August 31

The Signature of an Initial Sensitizing Event in Childhood

Inner Child Work, Regression to Cause Hypnosis


ISE stands for Initial Sensitizing Event.   It's the “first time”, the root-cause event that locked the event into memory. This initial situation is what made the client sensitive to a specific energy pattern. 

The S.E.A.L. Pattern

The signature of an ISE in childhood is the S.E.A.L. pattern.  SEAL stands for the four key aspects you need to watch for during a regression session:

  1. Sudden/Shock/Surprise
  2. Energy/Emotional Intensity
  3. Alone
  4. Lack

1. Sudden/Shock/Surprise

Something happens to shock the Child.  It’s unexpected.  One moment she is feeling safe, at-one with her environment.  And then something happens to change that.

The Shock occurs because the Child does not see it coming.  This sends a ZZT! through the nervous system of the body.  It's felt physically as the body is flooded with stress hormones.

Because the Child is unprepared for it there’s a startle response – a little “freeze” occurs.  The body tenses up.  The breath catches up.  All the senses are tuned into what’s happening NOW.

What is happening is new.  It’s unfamiliar.  So the Child doesn’t have a frame of reference.  The Child doesn’t know how to interpret what’s happening. This element of uncertainty makes the situation unpredictable.  The Child cannot predict what’s going to happen next.  And the inability to predict outcomes is a threat to survival.  This generates fear.

2. Energy/Emotional Intensity

There’s intensity to the energy of the event.  It may not seem like a big deal to the adult mind but to the Child feels like too much.  So there’s a “ZZT!” that goes through the mind-body energy system. As it ripples throughout the nervous system of the body the body gets flooded with stress hormones.  And it tightens up in readiness to respond.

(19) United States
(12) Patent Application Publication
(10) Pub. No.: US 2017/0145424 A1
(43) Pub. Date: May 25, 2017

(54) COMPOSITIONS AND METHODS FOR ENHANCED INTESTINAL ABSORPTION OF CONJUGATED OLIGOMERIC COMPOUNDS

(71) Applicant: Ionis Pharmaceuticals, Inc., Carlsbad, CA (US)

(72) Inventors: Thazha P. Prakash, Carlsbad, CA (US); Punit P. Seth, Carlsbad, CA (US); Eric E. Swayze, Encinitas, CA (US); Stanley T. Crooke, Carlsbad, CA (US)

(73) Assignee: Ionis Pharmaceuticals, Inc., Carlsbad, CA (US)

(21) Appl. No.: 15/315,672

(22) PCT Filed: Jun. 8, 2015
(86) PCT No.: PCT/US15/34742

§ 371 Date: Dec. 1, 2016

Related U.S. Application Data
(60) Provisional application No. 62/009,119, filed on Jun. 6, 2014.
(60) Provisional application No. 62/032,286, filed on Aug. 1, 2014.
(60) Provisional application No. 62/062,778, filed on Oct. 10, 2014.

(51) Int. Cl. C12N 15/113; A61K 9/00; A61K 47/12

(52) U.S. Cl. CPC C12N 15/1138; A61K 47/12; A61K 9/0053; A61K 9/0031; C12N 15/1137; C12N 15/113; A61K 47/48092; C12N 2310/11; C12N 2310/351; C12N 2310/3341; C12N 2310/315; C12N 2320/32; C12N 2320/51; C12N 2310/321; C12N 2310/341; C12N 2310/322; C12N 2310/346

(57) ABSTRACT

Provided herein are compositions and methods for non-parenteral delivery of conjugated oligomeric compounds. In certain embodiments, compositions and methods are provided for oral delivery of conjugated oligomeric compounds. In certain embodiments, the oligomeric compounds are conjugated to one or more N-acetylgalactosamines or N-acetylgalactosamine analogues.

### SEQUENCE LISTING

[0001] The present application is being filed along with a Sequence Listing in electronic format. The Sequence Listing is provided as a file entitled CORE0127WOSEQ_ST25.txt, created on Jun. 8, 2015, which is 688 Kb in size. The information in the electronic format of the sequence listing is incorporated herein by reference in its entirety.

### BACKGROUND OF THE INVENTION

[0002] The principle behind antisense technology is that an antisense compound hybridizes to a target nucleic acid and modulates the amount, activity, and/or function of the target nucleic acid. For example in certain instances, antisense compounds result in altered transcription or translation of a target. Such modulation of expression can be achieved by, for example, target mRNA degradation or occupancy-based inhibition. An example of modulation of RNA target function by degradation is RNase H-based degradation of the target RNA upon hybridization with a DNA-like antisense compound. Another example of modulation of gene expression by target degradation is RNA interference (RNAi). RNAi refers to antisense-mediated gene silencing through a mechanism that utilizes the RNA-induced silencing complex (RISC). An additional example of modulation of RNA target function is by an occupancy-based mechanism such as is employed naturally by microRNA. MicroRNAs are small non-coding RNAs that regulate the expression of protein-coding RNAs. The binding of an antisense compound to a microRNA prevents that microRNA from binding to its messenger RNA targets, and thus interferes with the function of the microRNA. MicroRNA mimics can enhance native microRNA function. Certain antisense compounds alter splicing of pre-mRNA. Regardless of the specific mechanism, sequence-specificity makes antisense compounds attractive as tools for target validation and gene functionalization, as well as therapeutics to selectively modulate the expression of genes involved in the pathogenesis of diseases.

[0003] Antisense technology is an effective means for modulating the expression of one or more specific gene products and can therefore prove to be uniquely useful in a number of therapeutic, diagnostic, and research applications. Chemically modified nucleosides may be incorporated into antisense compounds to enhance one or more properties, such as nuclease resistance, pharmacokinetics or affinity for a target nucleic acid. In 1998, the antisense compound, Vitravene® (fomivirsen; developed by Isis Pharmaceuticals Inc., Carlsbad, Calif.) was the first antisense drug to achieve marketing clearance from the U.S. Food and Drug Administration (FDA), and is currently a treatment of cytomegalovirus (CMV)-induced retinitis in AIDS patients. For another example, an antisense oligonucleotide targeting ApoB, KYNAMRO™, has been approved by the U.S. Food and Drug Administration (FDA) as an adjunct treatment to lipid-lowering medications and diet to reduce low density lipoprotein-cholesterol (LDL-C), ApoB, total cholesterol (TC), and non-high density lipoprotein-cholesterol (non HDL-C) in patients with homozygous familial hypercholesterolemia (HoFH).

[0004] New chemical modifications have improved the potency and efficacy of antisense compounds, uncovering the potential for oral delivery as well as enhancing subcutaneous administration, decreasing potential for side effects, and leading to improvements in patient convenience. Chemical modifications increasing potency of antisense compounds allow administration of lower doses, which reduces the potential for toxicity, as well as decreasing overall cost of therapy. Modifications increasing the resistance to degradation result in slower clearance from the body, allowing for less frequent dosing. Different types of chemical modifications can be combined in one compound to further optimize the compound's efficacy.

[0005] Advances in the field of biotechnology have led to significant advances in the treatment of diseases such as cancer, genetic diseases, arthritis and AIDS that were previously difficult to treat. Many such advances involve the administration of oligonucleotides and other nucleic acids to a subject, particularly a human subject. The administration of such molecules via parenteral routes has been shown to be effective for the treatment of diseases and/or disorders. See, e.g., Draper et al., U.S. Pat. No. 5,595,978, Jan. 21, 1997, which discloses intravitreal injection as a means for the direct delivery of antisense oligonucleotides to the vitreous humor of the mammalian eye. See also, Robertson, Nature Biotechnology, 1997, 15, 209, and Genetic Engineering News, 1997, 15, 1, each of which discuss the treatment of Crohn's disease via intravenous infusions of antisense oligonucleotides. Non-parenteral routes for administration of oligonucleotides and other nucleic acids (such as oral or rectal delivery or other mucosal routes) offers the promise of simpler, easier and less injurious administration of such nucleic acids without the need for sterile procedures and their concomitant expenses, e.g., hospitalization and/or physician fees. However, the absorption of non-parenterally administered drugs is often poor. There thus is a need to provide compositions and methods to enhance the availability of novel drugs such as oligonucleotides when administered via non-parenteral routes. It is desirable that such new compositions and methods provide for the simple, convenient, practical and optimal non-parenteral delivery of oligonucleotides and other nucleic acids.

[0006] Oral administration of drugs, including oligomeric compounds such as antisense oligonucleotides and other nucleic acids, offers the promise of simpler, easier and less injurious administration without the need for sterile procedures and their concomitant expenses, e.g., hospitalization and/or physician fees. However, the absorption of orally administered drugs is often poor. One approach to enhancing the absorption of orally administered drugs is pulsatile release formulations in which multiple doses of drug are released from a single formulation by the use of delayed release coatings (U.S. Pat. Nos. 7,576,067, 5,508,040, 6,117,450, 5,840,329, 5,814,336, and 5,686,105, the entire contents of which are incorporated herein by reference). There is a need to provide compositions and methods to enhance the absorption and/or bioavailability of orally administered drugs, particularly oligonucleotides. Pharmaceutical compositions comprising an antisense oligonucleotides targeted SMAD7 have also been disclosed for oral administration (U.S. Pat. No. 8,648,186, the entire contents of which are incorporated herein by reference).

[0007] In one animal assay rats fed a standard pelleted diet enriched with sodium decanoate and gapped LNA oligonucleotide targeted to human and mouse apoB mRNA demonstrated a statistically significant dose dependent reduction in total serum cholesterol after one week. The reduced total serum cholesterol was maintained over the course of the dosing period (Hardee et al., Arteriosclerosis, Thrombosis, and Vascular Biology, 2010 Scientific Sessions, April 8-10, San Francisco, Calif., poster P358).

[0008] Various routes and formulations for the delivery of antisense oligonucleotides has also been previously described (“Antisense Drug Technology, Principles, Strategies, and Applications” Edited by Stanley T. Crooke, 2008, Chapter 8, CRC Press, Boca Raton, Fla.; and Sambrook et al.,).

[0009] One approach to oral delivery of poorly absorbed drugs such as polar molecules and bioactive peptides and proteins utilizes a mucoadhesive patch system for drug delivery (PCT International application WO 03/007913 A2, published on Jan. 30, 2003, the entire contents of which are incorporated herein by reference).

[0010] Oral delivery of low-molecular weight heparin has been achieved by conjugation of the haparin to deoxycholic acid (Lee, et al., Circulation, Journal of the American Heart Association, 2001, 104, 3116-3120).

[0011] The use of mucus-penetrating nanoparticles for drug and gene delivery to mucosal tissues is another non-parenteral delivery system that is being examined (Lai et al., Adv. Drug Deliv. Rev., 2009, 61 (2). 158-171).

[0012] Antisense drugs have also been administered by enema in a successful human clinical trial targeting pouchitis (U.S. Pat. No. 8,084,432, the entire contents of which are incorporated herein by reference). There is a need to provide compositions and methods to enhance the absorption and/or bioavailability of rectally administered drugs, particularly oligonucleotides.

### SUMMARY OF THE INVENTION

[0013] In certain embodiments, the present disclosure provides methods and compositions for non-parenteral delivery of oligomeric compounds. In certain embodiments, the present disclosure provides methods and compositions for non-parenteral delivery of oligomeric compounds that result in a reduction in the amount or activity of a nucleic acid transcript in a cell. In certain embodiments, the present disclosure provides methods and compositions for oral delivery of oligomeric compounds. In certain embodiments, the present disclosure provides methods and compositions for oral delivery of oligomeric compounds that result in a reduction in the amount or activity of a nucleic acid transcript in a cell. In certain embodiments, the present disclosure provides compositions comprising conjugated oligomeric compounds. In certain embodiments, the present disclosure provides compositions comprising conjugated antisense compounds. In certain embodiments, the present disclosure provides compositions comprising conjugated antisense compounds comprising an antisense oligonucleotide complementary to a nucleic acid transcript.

The Energy has sufficient intensity to put the nervous system of the body on red alert.  Stress hormones like cortisol and adrenaline are felt as uncomfortable sensations in the body.

You don’t need to think when you’re facing a threat.  Thinking will only slow you down.  You need to act without thought. The event may not seem like a big deal to the adult thinking mind.  But that’s the point.  The mind of the Child is overwhelmed by the emotional intensity.  And the lack of maturity often results in misinterpretations.

3.  Alone

The Child will often report feeling alone.  But this is important – alone is not an emotion.  This the sense of isolation that reinforces how vulnerable the Child is feeling.

Before the shock of the event the event the Child is in a state of all-oneness.  Connected to everything.  Then the shock makes what’s happening the central point of focus. The thought is “I am alone” having to deal with this.  That’s the underlying problem.  Its having to deal with the situation alone that results in fear-based emotions.  

Even if the Child is with others she feels alone.  That’s because she is trying to cope with what’s happening on her own.  She feels isolated. Decisions are being made without the benefit of critical thinking.  These form Parts which are actual recordings of the experiences of the Child.  Collectively, Parts form the Critical Faculty of the Mind which holds all our conditioning.

Perceptions form decisions which become habits of thought.  We call them beliefs. Thoughts generate feelings and emotions which drive reflexes and cravings.  Over time, these become habitual behaviours.  And habitual behaviours eventually generate the kinds of symptoms that clients come to see you about.

4. Lack

The problem is a lack of support.  Lack of resources.  Lack of ability to meet one’s own needs because one is alone.  So this is the Child lacking what is needed to meet their own need for safety and security.  Or nourishment.  And these perceptions of lack can result in a Victim Identity which says, “I can’t because …”